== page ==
Cesan v The Queen
|Cesan v The Queen|
|Court||High Court of Australia|
|Full case name||Cesan v The Queen; Mas Rivadavia v The Queen|
|Decided||3 September 2008|
|Citation(s)|| HCA 52, (2008) 236 CLR 358|
|Transcript(s)||16 May  HCATrans 191
3 Sep  HCATrans 320
|Prior action(s)||Cesan v DPP (Cth)  NSWCCA 273, (2007) 174 A Crim R 385|
|Judge(s) sitting||French CJ, Gummow, Hayne, Heydon, Crennan and Kiefel JJ|
Cesan v The Queen was a decision handed down in the High Court of Australia on 3 September 2008 quashing the convictions of two men for conspiring to import a commercial quantity of narcotics because the trial judge was asleep during parts of the trial. The Court subsequently delivered reasons for its decision on 6 November 2008.
The appellants were convicted in the District Court of New South Wales of conspiring to import a commercial quantity of the drug ecstasy. On appeal to the Court of Criminal Appeal of the Supreme Court of New South Wales, it was alleged that the trial judge had been asleep during some parts of the trial when evidence was being given. While the Court of Criminal Appeal found that the judge "was nodding off and on occasion actually asleep from time to time during the trial", it said that this did not necessarily mean that there had been a miscarriage of justice. The Court held (by a 2:1 majority) that "there was no failure of process of such a kind as to make it impossible for the Court to decide that the convictions were just" and accordingly upheld the convictions.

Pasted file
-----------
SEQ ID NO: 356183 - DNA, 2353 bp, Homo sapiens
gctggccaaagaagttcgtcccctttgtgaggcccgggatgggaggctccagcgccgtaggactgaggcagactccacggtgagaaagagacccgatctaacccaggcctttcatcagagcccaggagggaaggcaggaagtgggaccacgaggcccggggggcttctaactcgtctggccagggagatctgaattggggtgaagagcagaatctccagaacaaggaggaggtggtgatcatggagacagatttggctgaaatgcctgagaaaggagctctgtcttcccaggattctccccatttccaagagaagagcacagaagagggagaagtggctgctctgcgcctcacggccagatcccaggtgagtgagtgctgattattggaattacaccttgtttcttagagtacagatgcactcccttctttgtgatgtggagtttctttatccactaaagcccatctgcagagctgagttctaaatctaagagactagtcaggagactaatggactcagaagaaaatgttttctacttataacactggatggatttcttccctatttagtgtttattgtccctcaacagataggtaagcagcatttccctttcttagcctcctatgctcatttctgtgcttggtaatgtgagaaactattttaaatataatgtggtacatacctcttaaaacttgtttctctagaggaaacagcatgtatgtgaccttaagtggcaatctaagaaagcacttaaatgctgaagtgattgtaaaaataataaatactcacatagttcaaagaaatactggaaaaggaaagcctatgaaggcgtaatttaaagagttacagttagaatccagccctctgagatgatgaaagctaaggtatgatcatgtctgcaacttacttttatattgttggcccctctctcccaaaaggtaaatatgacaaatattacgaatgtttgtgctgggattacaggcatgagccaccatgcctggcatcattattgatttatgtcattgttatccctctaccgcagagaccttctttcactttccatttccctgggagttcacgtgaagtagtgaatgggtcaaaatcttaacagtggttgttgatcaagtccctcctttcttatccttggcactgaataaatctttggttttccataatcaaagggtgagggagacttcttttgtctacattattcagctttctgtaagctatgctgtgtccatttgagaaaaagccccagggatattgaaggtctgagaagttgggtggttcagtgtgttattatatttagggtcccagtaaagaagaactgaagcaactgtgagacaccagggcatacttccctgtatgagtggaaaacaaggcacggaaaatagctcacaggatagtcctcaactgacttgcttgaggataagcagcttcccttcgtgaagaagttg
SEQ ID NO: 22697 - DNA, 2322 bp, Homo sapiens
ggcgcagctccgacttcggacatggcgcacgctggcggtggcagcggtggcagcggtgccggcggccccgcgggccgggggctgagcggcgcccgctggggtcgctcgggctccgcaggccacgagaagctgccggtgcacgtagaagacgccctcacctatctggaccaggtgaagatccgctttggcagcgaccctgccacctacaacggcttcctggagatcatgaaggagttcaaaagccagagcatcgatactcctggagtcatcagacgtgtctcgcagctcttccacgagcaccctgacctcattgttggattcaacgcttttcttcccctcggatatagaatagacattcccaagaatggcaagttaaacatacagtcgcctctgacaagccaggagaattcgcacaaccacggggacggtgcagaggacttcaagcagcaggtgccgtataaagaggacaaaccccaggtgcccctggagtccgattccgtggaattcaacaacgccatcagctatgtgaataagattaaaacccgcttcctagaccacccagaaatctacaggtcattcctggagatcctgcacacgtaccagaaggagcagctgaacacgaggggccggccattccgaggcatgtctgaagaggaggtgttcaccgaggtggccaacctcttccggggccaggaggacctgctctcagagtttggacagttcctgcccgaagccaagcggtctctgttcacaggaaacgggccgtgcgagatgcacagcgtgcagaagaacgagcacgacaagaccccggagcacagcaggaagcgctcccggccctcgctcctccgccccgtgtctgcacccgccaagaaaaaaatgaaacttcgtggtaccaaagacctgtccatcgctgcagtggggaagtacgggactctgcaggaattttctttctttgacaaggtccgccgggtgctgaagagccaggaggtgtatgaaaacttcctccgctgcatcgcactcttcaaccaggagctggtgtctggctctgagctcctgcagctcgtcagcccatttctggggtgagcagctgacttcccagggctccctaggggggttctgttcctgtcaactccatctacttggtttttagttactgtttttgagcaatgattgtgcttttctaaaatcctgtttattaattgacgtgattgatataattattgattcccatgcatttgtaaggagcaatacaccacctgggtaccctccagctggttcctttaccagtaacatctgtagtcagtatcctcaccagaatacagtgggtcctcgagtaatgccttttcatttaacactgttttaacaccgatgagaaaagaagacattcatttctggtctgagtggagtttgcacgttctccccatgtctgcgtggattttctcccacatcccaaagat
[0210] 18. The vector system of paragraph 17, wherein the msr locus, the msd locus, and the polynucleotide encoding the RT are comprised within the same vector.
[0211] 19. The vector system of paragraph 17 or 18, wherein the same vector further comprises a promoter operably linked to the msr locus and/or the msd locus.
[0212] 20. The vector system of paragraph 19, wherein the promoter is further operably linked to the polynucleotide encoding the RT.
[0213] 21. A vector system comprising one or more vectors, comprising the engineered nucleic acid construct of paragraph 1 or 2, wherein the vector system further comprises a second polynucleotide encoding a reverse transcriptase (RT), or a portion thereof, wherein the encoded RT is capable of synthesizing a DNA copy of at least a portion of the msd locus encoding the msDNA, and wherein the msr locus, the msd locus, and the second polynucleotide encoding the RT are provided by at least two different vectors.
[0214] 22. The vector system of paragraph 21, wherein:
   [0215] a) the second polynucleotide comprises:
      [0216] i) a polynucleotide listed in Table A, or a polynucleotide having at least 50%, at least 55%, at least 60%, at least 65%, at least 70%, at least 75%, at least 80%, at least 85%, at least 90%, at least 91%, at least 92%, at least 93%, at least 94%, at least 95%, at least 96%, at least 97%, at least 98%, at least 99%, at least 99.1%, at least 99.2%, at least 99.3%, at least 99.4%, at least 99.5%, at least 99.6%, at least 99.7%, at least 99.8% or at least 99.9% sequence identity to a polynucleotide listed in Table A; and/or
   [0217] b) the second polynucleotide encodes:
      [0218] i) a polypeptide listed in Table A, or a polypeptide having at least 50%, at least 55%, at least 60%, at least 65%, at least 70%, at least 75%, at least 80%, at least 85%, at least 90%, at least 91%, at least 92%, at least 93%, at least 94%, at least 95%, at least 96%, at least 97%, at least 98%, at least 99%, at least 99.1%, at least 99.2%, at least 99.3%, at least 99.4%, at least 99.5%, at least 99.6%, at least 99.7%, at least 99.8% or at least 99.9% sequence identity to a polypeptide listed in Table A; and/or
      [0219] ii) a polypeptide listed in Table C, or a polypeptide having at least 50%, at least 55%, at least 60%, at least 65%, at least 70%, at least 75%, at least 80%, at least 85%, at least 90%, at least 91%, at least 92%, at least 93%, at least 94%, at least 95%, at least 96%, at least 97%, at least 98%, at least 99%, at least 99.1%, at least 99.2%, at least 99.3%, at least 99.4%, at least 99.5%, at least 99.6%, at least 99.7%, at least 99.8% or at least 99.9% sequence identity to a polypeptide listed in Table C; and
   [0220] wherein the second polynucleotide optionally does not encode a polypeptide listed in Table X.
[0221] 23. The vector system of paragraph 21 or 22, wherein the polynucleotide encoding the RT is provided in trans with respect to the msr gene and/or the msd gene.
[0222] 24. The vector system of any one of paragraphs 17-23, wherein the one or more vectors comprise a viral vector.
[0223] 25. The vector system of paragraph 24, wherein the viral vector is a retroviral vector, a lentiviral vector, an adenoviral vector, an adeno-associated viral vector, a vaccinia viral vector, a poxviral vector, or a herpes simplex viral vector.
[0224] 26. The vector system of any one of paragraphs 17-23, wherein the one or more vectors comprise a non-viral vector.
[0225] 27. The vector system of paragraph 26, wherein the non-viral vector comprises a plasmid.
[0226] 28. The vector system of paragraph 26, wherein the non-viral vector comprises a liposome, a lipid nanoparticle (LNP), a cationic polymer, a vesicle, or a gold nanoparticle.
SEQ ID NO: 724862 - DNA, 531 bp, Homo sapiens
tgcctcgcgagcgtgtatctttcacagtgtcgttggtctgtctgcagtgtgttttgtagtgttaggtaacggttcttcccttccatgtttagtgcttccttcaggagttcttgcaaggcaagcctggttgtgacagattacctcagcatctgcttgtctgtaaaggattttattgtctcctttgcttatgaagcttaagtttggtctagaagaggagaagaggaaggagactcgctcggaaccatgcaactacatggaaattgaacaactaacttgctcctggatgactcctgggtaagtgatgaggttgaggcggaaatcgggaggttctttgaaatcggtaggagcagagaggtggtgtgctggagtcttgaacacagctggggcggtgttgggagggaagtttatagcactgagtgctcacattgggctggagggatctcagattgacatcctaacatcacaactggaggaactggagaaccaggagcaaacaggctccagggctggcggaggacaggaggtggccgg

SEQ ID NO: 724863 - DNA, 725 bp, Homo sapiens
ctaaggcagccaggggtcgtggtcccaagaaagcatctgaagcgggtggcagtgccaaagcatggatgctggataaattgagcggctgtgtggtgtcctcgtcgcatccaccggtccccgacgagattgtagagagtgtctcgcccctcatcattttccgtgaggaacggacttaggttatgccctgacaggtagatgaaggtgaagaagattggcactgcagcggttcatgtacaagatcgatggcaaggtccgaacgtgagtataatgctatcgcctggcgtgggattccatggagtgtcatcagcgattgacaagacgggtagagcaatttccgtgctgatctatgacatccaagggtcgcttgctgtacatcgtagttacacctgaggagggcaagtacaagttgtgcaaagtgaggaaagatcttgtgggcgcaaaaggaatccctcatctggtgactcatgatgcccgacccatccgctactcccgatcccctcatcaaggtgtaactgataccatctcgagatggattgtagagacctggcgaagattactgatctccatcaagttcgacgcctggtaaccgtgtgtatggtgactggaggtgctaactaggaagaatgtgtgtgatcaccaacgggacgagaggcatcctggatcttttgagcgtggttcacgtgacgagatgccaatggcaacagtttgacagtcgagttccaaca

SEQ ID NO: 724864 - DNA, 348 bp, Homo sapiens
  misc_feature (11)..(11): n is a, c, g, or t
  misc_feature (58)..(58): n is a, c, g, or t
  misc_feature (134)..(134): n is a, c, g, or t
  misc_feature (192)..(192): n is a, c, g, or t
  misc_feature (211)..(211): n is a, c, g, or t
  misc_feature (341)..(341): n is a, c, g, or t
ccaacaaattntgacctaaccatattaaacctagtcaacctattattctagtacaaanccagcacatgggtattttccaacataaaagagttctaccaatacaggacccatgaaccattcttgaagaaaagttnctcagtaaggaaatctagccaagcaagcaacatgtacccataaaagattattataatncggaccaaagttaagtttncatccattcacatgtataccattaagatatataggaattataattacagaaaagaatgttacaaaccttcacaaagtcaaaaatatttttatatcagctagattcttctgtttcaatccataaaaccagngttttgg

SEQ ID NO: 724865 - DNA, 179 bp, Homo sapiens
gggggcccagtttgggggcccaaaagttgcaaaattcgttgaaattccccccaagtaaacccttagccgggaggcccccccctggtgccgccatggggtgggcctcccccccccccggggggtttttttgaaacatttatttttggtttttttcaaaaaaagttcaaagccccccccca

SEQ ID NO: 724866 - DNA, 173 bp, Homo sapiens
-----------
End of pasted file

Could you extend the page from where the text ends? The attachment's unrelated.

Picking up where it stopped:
The High Court granted the appellants special leave to appeal on 16 May 2008. The appeal was heard before the Full Court on 3 September 2008 which gave orders allowing the appeals, quashing the convictions and remitting the cases for retrials. The Court indicated that it would publish its reasons at a later date.
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